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Which Vitamins are Good for Dry Eye?

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An assortment of foods that are good for the health of the eyes.

Millions of people worldwide deal with regular dry eye symptoms. And dry eyes are more than just a nuisance—they can significantly impact quality of life. There are many different dry eye therapy options, but a non-medical treatment avenue in the quest for relief from dry eyes is nutrition. A balanced intake of vitamins—including vitamins A, C, E, and omega-3 fatty acids—can serve as a foundation for good overall health and the improvement of dry eyes.

It’s important to note that dry eye can be a complicated condition without an obvious cause or effective treatment. Lubricating eye drops and a balanced diet may be enough to relieve symptoms of the occasional case of dry eyes. Persistent cases may require a discussion with your eye doctor for a tailored treatment plan.

An Overview of Dry Eye & Vitamins

The feeling of grittiness and burning sensations that characterize dry eye can be due to a range of environmental, medical, and other factors. There isn’t a one-size-fits-all answer because the exact cause can be as varied as the symptoms that dry eye causes.

But why vitamins? Your eyes require a variety of nutrients to function optimally. Vitamins are micronutrients essential for normal bodily functions, and they also play a crucial role in maintaining eye health. This could be by supporting the structure and integrity of the ocular tissues, providing antioxidant protection, or even modulating the inflammatory response, all of which can be significant in the case of dry eyes.

Essential Vitamins for Eye Health

A few specific vitamins are known for improving overall eye health.

Vitamin A

Known for its role in maintaining a healthy immune system and cell growth, vitamin A is crucial for vision. More specifically, it helps improve the tear film, reducing the risk of eye infections and aiding in tear production maintenance.

One of its derivatives, retinol, is a key ingredient in the production of rhodopsin, the pigment in your eyes that operates in low-light conditions. Foods rich in vitamin A include liver, fish, milk, and eggs, but for those who need to avoid these sources, there are plenty of plant-based options such as sweet potatoes, spinach, and red bell peppers.

Vitamin C & E

Commonly associated with cold prevention, vitamin C is also a beneficial antioxidant that helps facilitate good eye health. It’s instrumental in collagen production, which is crucial for maintaining the health of the cornea and the eye’s tissue. Research specifically found that the oxidative protection that vitamin C provides can help improve the eye’s surface.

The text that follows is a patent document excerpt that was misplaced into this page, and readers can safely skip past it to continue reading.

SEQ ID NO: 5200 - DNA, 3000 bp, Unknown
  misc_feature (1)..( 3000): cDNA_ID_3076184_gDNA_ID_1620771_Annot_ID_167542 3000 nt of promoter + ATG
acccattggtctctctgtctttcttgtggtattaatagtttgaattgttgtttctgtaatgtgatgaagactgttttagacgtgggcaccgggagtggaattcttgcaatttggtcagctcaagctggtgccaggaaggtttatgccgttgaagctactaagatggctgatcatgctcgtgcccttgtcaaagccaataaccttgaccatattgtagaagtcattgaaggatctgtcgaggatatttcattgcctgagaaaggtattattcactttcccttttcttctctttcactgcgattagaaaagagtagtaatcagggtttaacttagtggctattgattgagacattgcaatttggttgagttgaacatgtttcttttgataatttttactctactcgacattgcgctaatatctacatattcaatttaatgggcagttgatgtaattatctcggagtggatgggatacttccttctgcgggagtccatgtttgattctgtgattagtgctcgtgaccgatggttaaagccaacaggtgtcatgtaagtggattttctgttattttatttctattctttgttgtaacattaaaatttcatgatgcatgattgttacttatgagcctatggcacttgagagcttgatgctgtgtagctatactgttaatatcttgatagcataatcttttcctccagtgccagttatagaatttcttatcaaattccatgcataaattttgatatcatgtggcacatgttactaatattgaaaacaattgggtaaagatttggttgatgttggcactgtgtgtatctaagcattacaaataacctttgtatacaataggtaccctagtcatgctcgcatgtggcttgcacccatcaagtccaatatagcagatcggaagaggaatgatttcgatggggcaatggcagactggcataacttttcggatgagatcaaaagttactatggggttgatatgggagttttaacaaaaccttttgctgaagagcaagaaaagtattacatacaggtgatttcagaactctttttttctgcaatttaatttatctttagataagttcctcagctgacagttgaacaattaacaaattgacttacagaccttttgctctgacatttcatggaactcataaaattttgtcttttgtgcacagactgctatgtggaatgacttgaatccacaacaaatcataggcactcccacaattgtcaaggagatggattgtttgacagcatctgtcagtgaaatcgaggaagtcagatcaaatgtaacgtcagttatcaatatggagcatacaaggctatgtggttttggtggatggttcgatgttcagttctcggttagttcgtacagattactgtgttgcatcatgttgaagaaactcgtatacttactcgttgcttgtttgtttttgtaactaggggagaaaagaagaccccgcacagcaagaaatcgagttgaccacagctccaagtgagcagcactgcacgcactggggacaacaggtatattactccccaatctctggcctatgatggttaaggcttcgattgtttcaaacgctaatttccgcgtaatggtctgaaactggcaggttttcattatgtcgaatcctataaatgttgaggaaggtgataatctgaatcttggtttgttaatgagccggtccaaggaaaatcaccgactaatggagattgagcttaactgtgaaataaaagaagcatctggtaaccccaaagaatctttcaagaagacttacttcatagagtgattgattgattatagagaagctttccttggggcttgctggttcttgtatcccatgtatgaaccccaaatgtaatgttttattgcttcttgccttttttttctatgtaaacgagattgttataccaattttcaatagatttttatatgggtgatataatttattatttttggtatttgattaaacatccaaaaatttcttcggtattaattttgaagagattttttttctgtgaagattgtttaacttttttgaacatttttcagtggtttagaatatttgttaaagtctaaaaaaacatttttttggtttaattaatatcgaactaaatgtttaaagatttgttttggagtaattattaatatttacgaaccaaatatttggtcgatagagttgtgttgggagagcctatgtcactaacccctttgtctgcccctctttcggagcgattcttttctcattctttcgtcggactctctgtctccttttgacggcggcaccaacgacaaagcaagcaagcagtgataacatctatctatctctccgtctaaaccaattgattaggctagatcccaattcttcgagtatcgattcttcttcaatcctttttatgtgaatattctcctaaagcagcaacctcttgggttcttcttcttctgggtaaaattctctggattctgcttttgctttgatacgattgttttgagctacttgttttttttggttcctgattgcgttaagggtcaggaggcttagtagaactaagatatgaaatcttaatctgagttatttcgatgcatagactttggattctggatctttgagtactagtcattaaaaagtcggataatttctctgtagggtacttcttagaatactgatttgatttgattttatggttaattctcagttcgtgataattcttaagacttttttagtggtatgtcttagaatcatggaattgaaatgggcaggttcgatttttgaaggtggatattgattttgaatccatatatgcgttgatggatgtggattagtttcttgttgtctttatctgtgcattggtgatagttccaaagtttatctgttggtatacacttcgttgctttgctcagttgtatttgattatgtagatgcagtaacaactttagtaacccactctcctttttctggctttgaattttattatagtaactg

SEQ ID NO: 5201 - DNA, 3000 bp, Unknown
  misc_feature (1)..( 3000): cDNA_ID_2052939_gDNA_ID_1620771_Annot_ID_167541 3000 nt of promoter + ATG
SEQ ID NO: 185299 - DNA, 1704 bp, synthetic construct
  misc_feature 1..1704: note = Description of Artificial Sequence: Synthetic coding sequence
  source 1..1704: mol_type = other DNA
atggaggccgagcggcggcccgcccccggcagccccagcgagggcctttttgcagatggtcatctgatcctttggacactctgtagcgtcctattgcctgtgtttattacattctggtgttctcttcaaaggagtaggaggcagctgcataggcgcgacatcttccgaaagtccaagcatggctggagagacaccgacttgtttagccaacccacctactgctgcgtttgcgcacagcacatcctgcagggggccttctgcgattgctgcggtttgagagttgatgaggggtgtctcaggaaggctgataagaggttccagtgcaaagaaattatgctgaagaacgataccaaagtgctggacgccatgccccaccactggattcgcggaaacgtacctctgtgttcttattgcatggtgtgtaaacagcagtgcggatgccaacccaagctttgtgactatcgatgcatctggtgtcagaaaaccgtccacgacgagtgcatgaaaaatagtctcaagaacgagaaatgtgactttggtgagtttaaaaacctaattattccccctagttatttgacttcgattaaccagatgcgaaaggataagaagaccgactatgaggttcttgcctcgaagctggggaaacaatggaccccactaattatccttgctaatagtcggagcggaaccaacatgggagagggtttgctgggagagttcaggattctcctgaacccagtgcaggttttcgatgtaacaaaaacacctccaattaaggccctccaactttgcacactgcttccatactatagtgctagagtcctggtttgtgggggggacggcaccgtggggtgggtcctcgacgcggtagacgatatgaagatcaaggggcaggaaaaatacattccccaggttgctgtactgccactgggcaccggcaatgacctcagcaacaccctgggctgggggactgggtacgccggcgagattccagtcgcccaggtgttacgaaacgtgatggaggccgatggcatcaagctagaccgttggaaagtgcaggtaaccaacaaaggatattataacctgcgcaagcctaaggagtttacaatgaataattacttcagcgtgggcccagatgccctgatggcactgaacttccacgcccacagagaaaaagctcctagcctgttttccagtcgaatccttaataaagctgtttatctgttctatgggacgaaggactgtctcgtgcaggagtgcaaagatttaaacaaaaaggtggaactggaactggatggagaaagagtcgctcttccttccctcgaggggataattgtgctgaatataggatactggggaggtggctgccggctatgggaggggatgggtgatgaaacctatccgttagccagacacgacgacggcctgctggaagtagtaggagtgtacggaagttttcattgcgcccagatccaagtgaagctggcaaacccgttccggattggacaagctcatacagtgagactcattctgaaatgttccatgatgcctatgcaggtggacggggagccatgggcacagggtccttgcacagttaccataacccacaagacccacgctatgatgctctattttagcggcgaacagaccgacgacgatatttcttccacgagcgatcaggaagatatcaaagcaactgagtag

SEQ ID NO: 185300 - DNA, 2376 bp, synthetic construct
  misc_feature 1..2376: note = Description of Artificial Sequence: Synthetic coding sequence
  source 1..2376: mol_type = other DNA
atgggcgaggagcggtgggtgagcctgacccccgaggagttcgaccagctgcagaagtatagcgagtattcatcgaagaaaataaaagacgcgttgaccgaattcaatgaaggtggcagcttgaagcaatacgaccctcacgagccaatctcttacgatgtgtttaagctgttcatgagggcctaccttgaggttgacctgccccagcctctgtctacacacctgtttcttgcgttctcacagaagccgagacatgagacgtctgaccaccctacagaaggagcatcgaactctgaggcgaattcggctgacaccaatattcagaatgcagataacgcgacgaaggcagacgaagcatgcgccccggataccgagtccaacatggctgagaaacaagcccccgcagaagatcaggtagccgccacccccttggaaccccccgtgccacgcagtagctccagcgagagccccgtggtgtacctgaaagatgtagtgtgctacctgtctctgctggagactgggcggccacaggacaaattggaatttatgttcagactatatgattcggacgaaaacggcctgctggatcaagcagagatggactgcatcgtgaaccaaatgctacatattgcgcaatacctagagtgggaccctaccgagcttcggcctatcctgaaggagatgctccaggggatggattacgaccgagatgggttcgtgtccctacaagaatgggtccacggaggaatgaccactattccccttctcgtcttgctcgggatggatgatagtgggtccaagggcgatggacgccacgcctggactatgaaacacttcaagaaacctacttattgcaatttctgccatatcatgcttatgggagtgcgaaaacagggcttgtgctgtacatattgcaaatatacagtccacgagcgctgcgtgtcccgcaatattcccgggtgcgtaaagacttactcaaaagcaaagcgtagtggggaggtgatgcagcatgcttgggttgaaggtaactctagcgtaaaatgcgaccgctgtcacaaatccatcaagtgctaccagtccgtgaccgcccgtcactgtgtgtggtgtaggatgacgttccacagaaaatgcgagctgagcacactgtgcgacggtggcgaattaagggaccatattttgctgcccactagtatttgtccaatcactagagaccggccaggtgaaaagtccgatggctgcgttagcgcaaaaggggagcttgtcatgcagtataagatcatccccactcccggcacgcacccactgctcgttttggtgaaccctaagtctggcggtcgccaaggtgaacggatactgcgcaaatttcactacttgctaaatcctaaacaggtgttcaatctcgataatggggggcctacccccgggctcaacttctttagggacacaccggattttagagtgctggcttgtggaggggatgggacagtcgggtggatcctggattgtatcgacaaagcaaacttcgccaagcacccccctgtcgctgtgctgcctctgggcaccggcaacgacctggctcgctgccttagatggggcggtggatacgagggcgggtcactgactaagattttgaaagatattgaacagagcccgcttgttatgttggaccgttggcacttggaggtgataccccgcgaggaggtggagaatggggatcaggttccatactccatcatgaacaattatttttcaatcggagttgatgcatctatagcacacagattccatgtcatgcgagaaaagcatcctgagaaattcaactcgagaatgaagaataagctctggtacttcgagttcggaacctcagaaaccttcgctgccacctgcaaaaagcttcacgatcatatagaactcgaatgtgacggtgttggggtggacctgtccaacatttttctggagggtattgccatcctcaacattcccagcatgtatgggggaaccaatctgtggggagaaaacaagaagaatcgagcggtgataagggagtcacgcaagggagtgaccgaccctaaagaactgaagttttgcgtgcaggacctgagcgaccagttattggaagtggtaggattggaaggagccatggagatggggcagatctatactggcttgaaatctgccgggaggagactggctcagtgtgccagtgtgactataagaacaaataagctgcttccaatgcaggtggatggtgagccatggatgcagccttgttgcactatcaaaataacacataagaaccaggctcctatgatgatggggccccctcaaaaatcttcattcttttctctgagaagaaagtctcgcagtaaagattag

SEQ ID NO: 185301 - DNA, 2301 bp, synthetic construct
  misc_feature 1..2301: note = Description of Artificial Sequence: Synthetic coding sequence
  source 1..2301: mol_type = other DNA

Many vegetables and fruits, especially citrus, strawberries, and tomatoes, contain decent amounts of vitamin C.

Vitamin E is another antioxidant that works with vitamin C to guard against damaging oxidative stress in the eye. And like vitamin C, it facilitates the production of collagen. Good sources of vitamin E include nuts, seeds, and vegetable oils.

An assortment of foods rich in Omega-3 arranged in the shape of a heart.

Omega-3 Fatty Acids

Omega-3 fatty acids aren’t actually vitamins but deserve a spotlight due to their proven potential for aiding in the reduction of dry eye symptoms by improving tear production and decreasing inflammation. It’s important to note that more research is needed to confirm omega-3s as a treatment for all forms of dry eye.

Good sources of dietary omegas include fatty fish like salmon, mackerel, and trout.

Supplements for Dry Eyes

Supplements can be a convenient alternative to certain foods in some cases, especially if incorporating vitamin-rich foods into your diet isn’t feasible. Supplements that combine vitamins A, C, E, and omega-3 fatty acids could potentially provide a more concerted effort in tackling dry eye symptoms.

However, it’s crucial to consult an eye care professional before starting any new supplement regimen. They can help assess your needs and recommend the correct dosages.

Considerations to Keep in Mind

Look for supplements that adhere to standard quality and purity guidelines. Look for third-party certifications on the label, which can attest to the supplement’s safety and potency, easing the burden of worry that often surfaces in the supplement market.

It’s also crucial to make sure that any supplement you take doesn’t interfere with existing medications or health conditions. Your doctor can provide personalized advice.

Get Help in Your Battle Against Dry Eyes

The fight against dry eyes can be multifaceted, and the role of vitamins in this battle could be significant. Adjusting your diet or adding supplements can be steps in the right direction, but they are just part of the picture. Lifestyle changes and professional guidance round out a holistic approach to eye health.

Always remember that a personalized approach is best, so consult your eye doctor to chart the best course for your eye health. Call our team at White Oaks Optometry today to book an exam. One of our optometrists can discuss your symptoms and offer a tailored treatment plan to get you the relief you need.

Written by White Oaks Optometry

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